The Iconic Set Design Behind Hulu’s ‘The Great’
What makes modern set design iconic when it comes to recreating period pieces is finding fluidity between the classical components of the era and innovation. This requires set designers to step into the shoes of a designer that lived in 18th-century Russia and think creatively in this mindset to create evolutionary designs that could have very well been part of that place and time.
Hulu’s dramedy “The Great,” starring Elle Fanning as Catherine the Great, has amazed audiences with its whizzingly robust set that merges this period piece with mainstream culture. The lavishly intricate set design and extravagant quarters of the royals have placed this period piece among the best modern-classical productions made this century.
Understanding “The Great”
To truly comprehend the challenge that Production Designer, Francesca Mottola was up against in designing the set for “The Great,” one must understand 18th-century Russia and Catherine the Great herself. Early imperial Russia was static at the time, and was a partially westernized empire on the cusp of transformation. Until this point, there was no secular literature in Russia, but the 18th-century brought a wide array of secular poets and writers that flooded society with never before heard or seen avant-garde art, literature, music, and poetry.
The German-born princess (born Sophie Friederike Auguste) turned Russian empress of all traveled a difficult road before holding onto a 34-year reign, which was longer than all other female rulers that preceded her. Catherine was ambitious, smart, witty, charming, and embodied all of the needed qualities required to run an empire. Catherine’s love life was just as known as her passion for ruling, and it is believed that her husband was not the father of all her three children, including her heir.
Creating Unforgettable Sets
The story of Catherine the Great has the perfect set of ingredients ready and waiting to be churned into an epic visual journey, and Catherine’s actual story points remain highly relevant today. Bringing 18th-century Russia to life in the 20th century is a whole other challenge that requires in-depth knowledge of each character and a foundational understanding of Catherine the Great herself, Baroque art, Queen Anne and Georgian furniture, and the Tsarkoye Selo Palace in Russia.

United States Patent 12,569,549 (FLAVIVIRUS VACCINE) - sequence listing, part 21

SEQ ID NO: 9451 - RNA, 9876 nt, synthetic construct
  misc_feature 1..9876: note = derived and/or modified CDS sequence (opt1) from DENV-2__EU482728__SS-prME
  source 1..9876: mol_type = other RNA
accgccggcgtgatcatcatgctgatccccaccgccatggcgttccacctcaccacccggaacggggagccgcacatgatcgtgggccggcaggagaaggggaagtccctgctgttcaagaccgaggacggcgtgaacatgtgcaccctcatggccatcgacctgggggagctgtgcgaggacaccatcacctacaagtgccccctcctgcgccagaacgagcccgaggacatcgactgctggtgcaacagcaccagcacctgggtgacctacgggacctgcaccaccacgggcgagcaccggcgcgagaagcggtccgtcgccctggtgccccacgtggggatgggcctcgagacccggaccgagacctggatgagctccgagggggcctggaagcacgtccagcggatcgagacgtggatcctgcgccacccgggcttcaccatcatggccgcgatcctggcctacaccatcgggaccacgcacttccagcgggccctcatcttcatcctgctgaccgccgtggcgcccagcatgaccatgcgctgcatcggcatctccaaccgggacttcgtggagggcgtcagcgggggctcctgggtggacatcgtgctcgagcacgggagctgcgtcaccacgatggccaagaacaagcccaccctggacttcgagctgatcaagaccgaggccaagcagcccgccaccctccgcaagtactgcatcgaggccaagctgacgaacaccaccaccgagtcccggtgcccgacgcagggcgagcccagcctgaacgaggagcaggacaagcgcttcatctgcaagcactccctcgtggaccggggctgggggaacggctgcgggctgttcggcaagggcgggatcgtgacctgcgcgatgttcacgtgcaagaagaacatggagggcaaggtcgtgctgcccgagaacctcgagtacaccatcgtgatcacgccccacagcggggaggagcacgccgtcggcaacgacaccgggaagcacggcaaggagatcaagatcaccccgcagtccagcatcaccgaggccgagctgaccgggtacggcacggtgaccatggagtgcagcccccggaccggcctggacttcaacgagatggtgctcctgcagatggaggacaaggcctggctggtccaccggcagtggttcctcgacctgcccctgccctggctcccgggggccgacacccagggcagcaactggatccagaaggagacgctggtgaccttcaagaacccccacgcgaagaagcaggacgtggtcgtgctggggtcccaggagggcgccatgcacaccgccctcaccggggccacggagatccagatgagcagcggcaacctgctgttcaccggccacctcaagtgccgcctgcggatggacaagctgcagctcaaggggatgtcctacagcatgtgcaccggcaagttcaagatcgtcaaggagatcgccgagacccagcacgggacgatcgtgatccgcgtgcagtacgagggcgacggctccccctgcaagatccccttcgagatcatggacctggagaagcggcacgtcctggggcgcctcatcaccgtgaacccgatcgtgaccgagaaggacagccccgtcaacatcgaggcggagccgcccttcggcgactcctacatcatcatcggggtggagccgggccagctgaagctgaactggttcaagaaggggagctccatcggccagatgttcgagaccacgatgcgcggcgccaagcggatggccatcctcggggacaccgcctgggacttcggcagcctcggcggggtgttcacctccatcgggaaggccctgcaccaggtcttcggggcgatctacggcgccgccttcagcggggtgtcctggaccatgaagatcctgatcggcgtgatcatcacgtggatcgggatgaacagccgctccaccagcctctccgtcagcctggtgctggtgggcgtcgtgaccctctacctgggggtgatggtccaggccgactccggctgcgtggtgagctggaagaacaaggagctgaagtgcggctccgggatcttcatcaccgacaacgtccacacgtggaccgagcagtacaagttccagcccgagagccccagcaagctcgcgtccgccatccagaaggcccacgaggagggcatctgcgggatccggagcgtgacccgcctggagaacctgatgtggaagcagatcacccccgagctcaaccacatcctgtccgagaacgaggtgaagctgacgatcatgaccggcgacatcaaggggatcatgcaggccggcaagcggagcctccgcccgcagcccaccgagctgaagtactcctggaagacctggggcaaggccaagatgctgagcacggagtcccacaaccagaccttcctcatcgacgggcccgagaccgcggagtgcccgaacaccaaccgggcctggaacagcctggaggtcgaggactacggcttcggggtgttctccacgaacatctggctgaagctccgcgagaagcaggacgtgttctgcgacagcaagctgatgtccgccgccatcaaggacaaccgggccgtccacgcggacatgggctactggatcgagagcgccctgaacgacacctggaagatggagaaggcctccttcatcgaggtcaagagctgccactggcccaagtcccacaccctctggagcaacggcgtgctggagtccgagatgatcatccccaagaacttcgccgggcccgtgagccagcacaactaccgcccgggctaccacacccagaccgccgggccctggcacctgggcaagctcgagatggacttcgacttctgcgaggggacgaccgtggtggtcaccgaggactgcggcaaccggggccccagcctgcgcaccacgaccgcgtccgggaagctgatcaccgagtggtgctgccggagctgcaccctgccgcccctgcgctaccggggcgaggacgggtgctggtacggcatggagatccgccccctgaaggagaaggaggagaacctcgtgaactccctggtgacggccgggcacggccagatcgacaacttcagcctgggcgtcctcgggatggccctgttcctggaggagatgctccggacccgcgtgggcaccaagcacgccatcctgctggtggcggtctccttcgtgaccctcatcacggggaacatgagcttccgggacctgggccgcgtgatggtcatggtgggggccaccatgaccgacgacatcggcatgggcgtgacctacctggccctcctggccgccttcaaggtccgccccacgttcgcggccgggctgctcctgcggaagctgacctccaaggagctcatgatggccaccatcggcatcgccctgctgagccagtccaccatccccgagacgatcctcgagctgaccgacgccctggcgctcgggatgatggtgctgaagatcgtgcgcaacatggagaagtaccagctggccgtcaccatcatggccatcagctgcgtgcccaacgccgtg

It’s clear to see that making this epic masterpiece come to life required meticulous detail down to the very last table setting that dressed the extravagant dinner and celebration scenes in the show. The set is drenched in antiques and intricate gold leaf design that was done by hand.
The green marble walls in the corridor add a gorgeous backdrop to the long hall where much of the show’s drama unfolds. And the mad salon or “party room” is outfitted with long mirrored tables with oversized golden goblets that the wild party guests that frequent the palace indulge from.
The magnificence of this bold period piece comes to life because the vintage decor is folded superbly with modern-day raw glam fabrics, texture, and pure divine sizzle. The incredible production design allows for every room to tell a story and mimics the mood and essence of who Catherine and each character is at that time.
The live tree that lives in Leo’s (Sebastian De Souza) bedroom is not only astonishingly brilliant, it also illustrates incredible symbolism of the character’s journey, and is a natural art piece that blends well in a period setting. It’s also remarkable to witness that as Catherine the Great transforms, so do her surroundings, and the cycle of the set design is remarkably agile.
The fusion of vintage baroque and modern interior design in “The Great” helps audiences relate to this period piece in a new way, and makes the setting, and therefore the story, far more believable. Getting to the heart of style is what allows for this seamless unification, and the masses have been officially charmed into this revolutionary piece dedicated to one of the greatest historical rulers in history.